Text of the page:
The perils of 'car culture' in Brazil
From high costs, to heavy traffic, to lagging safety regulations, cars have become a 'quality-of-life problem in many cities,' writes guest blogger Greg Michener.
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Finally, there are the drivers. As in North America, you have the truck drivers hopped-up on amphetamines for the long trips – always a source of danger. Here, you’ve also got a major problem with alcohol, as previously discussed. But especially prominent in Latin America – if not Latin countries more generally – is the sort of race-to-the-finish mentality on highways and even on city streets. People pass recklessly. They routinely break traffic rules. They want to show you up because they have a more expensive car. Or they want to show you down because they think they’re better, ballsier drivers. A lot of ego, a lot of risk, and a lot of accidents.Skip to next paragraph
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These are not just my own observations; renowned Brazilian anthropologist Roberto DaMatta recently released a book on Brazil’s car culture entitled, “Faith in God, and Foot to the Floor” in which he describes a driving culture in which even women act “masculine” to the extreme.
If you’re not getting maimed in a traffic accident, you’re probably sitting in traffic. Exaggerations aside, Time magazine did distinguish São Paulo as the traffic-jam capital of the world in a 2008 article. The piece notes that Paulistas do everything in their cars – shave, create powerpoint presentations, apply makeup – not because they love their cars, but because they have to: traffic jams are a fact of life for those who cannot afford or are unwilling to reside close to work.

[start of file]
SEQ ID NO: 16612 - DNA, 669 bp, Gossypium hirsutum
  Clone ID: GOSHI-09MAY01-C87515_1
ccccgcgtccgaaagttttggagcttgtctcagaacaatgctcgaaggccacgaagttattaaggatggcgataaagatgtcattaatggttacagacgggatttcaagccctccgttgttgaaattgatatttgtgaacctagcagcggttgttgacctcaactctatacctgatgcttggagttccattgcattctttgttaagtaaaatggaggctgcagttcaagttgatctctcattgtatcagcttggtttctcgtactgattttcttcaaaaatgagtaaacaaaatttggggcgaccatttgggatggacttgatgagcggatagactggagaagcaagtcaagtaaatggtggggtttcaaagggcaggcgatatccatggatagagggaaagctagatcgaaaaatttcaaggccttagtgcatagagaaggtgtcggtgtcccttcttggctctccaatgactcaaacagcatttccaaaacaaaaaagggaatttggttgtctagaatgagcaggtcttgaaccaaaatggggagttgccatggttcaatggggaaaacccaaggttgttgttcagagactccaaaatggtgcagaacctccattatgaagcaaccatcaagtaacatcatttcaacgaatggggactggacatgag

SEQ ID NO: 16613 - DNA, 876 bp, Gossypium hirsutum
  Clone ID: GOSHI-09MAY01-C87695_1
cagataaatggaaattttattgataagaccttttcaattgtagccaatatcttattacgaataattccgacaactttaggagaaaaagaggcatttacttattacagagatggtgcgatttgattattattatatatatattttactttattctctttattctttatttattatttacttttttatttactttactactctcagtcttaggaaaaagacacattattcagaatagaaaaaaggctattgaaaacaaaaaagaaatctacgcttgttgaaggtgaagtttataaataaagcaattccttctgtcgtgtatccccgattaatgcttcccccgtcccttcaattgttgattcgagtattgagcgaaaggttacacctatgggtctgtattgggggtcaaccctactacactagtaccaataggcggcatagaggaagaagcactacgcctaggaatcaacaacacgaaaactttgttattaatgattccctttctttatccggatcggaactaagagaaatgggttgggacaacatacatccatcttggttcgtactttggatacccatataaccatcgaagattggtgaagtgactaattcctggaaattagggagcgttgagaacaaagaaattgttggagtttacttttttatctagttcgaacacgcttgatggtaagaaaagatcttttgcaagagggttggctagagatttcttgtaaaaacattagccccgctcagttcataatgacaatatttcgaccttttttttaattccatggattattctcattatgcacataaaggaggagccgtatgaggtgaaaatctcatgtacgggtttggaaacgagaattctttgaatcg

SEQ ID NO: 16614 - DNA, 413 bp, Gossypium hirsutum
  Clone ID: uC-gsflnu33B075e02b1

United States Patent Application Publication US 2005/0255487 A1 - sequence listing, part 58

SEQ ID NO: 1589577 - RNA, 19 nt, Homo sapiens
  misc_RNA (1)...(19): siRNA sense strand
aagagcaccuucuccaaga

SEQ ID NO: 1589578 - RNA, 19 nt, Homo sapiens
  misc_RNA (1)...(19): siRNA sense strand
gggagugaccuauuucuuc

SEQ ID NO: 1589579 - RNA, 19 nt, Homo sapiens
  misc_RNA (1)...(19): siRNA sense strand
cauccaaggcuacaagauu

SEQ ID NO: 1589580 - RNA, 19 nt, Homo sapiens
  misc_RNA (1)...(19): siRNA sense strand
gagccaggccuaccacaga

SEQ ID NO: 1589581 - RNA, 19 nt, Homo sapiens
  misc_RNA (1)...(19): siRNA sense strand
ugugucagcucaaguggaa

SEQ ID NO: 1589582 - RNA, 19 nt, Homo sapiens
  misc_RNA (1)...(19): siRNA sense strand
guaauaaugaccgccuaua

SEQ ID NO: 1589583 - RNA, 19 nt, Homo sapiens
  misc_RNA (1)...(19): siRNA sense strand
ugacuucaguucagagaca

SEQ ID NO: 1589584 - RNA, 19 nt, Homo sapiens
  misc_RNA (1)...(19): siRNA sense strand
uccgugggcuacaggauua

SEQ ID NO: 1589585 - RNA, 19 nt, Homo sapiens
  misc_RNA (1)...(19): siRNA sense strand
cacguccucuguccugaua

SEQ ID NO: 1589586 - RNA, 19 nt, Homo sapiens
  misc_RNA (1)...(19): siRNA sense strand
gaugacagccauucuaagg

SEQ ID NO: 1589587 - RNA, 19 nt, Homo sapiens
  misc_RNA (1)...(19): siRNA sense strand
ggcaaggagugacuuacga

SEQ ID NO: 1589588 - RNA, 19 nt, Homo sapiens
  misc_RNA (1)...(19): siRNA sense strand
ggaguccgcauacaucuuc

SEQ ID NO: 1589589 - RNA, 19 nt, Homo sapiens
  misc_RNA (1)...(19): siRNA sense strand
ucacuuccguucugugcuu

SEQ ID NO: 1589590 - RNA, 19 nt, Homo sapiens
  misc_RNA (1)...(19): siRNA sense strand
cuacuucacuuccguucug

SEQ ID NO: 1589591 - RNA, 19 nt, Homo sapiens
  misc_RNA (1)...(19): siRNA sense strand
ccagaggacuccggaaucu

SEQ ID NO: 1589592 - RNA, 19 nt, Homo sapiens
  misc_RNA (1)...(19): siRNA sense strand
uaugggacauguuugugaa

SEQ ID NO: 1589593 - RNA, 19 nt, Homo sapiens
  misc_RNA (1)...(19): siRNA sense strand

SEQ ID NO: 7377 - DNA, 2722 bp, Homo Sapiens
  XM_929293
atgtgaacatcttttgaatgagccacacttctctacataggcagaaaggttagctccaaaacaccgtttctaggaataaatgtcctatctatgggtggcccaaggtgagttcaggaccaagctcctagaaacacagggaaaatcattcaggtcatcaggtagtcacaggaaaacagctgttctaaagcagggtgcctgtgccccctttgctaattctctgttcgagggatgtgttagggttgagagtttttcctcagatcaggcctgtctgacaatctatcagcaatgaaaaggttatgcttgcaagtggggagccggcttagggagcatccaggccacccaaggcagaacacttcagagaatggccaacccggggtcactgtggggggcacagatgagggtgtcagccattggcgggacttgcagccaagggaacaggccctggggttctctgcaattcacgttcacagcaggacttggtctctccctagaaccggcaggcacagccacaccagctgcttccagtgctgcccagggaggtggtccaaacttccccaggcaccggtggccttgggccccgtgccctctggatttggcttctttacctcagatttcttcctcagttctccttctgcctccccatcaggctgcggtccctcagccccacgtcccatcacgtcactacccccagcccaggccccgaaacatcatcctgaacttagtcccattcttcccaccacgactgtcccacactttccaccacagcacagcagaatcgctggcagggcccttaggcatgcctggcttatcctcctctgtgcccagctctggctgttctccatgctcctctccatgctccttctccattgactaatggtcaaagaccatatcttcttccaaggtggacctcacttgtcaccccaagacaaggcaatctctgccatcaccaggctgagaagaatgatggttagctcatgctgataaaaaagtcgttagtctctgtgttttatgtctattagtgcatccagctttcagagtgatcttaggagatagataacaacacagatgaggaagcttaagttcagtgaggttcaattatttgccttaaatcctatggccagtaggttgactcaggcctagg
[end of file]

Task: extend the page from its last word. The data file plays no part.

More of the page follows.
That Time article was written almost 4 years ago when Brazil’s per capita income was over a thousand reais below where it is now. Higher incomes, more cars. Although I have not been able to find any official numbers, several estimates serve to triangulate the approximate number of new cars entering São Paulo’s road network at somewhere around 1000 per day. And that’s just São Paulo. The number across Brazil has been estimated at 12,000 new cars per day (in Portuguese). Brazil is now the sixth-largest producer of automobiles in the world, and gaining. Growth in public transport has not received the political attention needed to pose any challenge to the car industry. Go figure.
Current public transport infrastructure and efforts to diminish mounting traffic remain woefully inadequate in Brazil. São Paulo has just under 80 kilometers of rail metro. Mexico City, a megalopolis of about the same size, has nearly 180 kilometers, which is closer to other megalopolises such as Tokyo (195 km), Delhi (190 km), or Hong Kong (174 km). Heck, even Santiago – with less than half of São Paulo’s population – has a far more extensive metro system.
Metro expansions in Rio de Janeiro and other cities are currently making progress and more are planned, but the pace of expansion is simply not keeping up with population growth. Nor is it keeping up with the demands of the newly affluent. People will always want cars to show people they have a car. Conspicuous consumption is a fact of life all over the world, yet, as suggested by the region’s historically low savings rates, Latin Americans have a reputation for flaunting their wealth.